A cascade of noise assailed her the moment the elevator doors slide open. Charlene lifted her right hand, shielding her eyes from the dazzling lights that were blinding her. Before Charlene stretched a hallway with a lofted ceiling and lined with black marble tables strewn with bottles of assorted alcoholic beverages. At the end of it loomed a massive two-story ballroom filled with people chanting and clapping. As her ears began to adjust to the deluge of sounds around her, Charlene could pick up the faint trace of a monotone voice emitting from speakers set high up on the walls. “Your pain is at an end, my friends. Come and be cured.”
Cautiously she stepped forward, squeezing her white leather purse as tight as she could. “How had it come to this,” she thought to herself. With each step, the voice got louder and louder. Charlene turned to her left and saw a man clutching his chest, crying out for help. “I thought I had enough,” he exclaimed, “Please someone help me. I thought I had enough to pay the doctor!” An empty bottle lay by his side and he stank of alcohol.
Charlene’s stomach dropped. She looked about her and saw dozens of men and women calling out in a similar manner. A shiver ran down her neck. “Do we have enough,” she muttered under her breath, hoping she wouldn’t be turned away like those she now walked past. She began to recite her prepared script. “Thank you for your time, Doctor. Damien would like to express his gratitude for your willingness to accept our business on such short notice, and with such limited supply.” She progressed down the hallway, desperately trying to calm her nerves. She thought of Damien’s smile, his gentle way of speaking to her, his confident demeanor. She knew that his life hinged on the outcome of her encounter with the one they called the Doctor. Charlene continued forward, her love for Damien propelling her onward.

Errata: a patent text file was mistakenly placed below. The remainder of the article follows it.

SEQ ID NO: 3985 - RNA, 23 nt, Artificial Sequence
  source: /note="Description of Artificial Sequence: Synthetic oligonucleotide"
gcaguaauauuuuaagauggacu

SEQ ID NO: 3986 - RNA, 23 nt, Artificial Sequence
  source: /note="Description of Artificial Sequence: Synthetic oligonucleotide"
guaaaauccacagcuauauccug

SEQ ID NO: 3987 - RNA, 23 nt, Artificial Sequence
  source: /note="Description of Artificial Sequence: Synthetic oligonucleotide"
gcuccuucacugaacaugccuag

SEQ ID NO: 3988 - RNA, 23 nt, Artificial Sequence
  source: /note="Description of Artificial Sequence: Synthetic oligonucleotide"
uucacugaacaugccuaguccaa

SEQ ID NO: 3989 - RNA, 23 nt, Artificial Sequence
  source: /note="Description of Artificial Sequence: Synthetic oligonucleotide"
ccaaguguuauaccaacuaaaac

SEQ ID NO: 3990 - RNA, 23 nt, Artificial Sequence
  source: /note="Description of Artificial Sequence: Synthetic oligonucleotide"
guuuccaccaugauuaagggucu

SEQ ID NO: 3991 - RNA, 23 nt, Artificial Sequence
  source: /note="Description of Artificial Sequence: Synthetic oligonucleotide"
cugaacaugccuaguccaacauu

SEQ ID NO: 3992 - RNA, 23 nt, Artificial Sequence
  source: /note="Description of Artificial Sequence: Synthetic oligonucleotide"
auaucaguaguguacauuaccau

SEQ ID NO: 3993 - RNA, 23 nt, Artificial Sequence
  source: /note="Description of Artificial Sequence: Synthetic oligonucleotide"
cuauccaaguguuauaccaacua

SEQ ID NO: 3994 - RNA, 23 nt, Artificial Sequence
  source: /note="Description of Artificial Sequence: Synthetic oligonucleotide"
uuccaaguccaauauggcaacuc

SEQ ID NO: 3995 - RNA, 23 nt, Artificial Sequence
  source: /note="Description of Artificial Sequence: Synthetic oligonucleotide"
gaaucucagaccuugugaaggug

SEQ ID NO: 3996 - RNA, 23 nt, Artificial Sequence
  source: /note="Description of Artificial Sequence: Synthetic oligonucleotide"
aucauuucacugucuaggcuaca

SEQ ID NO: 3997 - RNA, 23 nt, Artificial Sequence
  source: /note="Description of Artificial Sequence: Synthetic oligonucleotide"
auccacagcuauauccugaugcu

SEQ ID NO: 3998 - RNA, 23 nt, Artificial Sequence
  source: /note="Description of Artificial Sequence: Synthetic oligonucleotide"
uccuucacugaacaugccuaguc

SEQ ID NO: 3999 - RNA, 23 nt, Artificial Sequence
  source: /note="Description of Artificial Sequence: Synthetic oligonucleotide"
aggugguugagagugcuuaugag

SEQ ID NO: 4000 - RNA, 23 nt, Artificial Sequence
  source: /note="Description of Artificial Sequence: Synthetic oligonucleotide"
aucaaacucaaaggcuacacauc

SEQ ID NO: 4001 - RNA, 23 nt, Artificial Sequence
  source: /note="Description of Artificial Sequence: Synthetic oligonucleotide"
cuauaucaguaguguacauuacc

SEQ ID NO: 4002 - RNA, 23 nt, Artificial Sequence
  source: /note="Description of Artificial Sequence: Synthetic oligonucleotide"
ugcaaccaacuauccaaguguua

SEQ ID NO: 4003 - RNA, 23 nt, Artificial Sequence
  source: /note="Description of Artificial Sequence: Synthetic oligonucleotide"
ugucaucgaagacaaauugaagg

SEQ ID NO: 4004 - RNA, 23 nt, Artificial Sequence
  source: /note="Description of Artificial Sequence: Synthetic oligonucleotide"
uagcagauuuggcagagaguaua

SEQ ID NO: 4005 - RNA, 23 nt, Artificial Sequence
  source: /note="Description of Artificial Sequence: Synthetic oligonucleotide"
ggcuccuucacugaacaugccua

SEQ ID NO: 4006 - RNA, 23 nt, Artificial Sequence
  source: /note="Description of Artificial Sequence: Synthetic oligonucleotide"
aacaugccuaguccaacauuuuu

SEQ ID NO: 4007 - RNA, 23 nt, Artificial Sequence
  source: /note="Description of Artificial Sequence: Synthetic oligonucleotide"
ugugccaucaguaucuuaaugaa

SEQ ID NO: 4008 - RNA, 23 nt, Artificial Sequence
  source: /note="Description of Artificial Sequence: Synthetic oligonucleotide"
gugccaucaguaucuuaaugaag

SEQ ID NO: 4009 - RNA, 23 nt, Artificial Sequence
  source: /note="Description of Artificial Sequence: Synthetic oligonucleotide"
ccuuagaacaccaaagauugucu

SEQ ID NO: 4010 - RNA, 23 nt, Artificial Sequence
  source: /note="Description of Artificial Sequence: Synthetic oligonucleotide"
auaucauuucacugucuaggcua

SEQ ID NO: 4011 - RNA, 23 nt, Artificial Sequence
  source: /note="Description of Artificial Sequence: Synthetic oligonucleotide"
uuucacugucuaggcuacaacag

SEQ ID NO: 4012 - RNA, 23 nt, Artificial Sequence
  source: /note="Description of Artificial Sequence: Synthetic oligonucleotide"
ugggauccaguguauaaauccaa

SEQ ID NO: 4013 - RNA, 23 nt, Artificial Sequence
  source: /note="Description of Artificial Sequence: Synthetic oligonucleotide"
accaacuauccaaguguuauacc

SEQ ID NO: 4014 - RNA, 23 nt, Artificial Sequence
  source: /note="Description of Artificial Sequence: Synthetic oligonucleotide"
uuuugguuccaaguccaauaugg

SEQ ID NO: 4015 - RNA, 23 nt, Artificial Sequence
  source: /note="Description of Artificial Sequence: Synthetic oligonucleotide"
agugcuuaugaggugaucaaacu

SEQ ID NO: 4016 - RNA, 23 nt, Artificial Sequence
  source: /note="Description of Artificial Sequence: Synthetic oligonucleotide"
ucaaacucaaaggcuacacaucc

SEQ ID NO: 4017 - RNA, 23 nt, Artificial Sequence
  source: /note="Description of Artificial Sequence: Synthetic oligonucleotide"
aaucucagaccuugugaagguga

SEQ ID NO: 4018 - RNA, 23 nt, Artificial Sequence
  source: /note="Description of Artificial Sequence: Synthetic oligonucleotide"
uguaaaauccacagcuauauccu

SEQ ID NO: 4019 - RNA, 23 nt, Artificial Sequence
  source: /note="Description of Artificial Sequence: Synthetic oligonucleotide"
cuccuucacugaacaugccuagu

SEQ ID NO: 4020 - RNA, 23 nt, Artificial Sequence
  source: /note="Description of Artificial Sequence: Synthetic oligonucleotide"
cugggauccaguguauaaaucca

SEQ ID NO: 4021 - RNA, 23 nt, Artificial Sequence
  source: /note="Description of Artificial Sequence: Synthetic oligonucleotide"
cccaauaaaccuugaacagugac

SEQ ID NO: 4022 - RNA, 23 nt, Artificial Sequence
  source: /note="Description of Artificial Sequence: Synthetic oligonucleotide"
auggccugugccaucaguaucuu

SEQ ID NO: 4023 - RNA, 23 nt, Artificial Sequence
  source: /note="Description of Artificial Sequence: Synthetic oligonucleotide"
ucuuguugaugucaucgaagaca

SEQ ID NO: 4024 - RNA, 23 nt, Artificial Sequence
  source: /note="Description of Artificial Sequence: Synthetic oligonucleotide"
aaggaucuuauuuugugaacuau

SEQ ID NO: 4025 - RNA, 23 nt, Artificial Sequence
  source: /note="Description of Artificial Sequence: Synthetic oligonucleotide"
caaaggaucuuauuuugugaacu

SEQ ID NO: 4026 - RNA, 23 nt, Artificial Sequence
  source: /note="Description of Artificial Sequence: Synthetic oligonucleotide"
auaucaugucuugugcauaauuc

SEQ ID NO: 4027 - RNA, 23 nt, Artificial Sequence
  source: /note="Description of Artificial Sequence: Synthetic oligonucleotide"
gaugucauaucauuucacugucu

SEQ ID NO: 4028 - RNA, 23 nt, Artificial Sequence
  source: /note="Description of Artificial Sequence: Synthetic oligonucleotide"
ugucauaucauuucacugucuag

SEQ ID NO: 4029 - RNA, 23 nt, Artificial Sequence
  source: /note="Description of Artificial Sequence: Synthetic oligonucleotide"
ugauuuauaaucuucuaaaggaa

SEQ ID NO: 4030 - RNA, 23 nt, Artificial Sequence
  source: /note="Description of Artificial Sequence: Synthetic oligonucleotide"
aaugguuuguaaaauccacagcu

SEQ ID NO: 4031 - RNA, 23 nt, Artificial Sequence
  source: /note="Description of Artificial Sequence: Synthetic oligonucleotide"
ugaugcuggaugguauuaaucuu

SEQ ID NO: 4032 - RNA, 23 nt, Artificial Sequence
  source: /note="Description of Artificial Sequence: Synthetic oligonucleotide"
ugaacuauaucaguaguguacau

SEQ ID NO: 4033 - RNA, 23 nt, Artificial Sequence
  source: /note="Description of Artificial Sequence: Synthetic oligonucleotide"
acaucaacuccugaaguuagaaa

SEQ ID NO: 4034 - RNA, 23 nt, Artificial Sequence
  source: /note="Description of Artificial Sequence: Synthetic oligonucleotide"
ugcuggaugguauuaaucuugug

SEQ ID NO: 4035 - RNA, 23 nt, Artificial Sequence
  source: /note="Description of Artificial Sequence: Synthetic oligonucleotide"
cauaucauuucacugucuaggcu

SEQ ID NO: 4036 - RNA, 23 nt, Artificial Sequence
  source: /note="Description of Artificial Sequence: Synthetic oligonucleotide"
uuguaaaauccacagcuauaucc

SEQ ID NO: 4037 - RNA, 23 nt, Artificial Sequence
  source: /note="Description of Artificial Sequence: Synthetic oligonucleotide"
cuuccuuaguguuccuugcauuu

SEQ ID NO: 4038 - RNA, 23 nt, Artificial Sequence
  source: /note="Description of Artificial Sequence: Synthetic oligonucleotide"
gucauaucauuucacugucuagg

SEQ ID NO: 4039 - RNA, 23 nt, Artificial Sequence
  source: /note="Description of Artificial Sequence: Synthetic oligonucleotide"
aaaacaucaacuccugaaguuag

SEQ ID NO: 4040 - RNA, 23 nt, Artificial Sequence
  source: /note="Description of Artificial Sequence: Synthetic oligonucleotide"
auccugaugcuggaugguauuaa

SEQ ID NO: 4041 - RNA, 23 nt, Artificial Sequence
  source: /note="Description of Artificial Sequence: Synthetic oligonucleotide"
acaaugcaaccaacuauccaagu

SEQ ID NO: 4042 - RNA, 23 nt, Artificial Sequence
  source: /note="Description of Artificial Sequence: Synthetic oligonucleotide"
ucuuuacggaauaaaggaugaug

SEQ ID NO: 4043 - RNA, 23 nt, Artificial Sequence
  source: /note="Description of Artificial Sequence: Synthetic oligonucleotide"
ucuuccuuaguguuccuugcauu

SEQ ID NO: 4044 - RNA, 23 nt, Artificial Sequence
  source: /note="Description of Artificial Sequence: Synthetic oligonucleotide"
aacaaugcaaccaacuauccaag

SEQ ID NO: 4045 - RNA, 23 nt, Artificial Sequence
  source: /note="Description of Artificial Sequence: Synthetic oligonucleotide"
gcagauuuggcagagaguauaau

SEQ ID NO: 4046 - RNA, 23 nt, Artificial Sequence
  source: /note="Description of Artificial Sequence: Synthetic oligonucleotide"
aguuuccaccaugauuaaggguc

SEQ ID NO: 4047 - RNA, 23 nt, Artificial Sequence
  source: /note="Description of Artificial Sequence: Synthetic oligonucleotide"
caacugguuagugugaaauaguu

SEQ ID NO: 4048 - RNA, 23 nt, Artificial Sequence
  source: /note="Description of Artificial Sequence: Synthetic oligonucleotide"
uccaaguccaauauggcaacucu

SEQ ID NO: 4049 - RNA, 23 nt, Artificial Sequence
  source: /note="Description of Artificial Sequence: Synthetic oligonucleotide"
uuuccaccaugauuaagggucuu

Suddenly she stumbled, the heel of her Burberry shoe snapped off and went whizzing across the floor. She instinctively reached for the arm of the closest table and let go of her purse. In a panic-stricken flutter of heartbeats, Charlene watched helplessly as the envelope tumbled out of the purse and onto the floor. The cash spilled out and fluttered about, like crumpled leaves on a windy autumn day. People around her turned in her direction, shock and intrigue in their eyes. Panic-stricken, Charlene crouched down and started shoveling handfuls of the green paper back into the purse. People began descending around her, pushing and shoving to get closer to the pile. Someone kneed her in the small of her back and she was tossed aside like a rag-doll. Dazed, Charlene stumbled to her feet and dashed back towards the elevator. She could feel her dress tearing with every step. Try as she might, she could not stop the tears from streaming down her face, smearing her mascara. She repeatedly slammed her finger into the down button, muttering, “Come on, come on,” under her breath. The wait felt interminable. She could hear the elevator ascending, creaking and humming as it climbed the 45-story Chicago skyscraper. It opened and she flung herself inside. As the heavily chromed doors slid shut, she watched helplessly as dozens of intoxicated sycophants fought each other for handfuls of Damien’s life savings. “It’s not worth it,” she assured herself, wiping her eyes. “We will find another way, we don’t need that narcissistic Doctor.”
But deep down she knew, without his cure, her fiancé, like all the other infected victims in the room above her, didn’t stand a chance…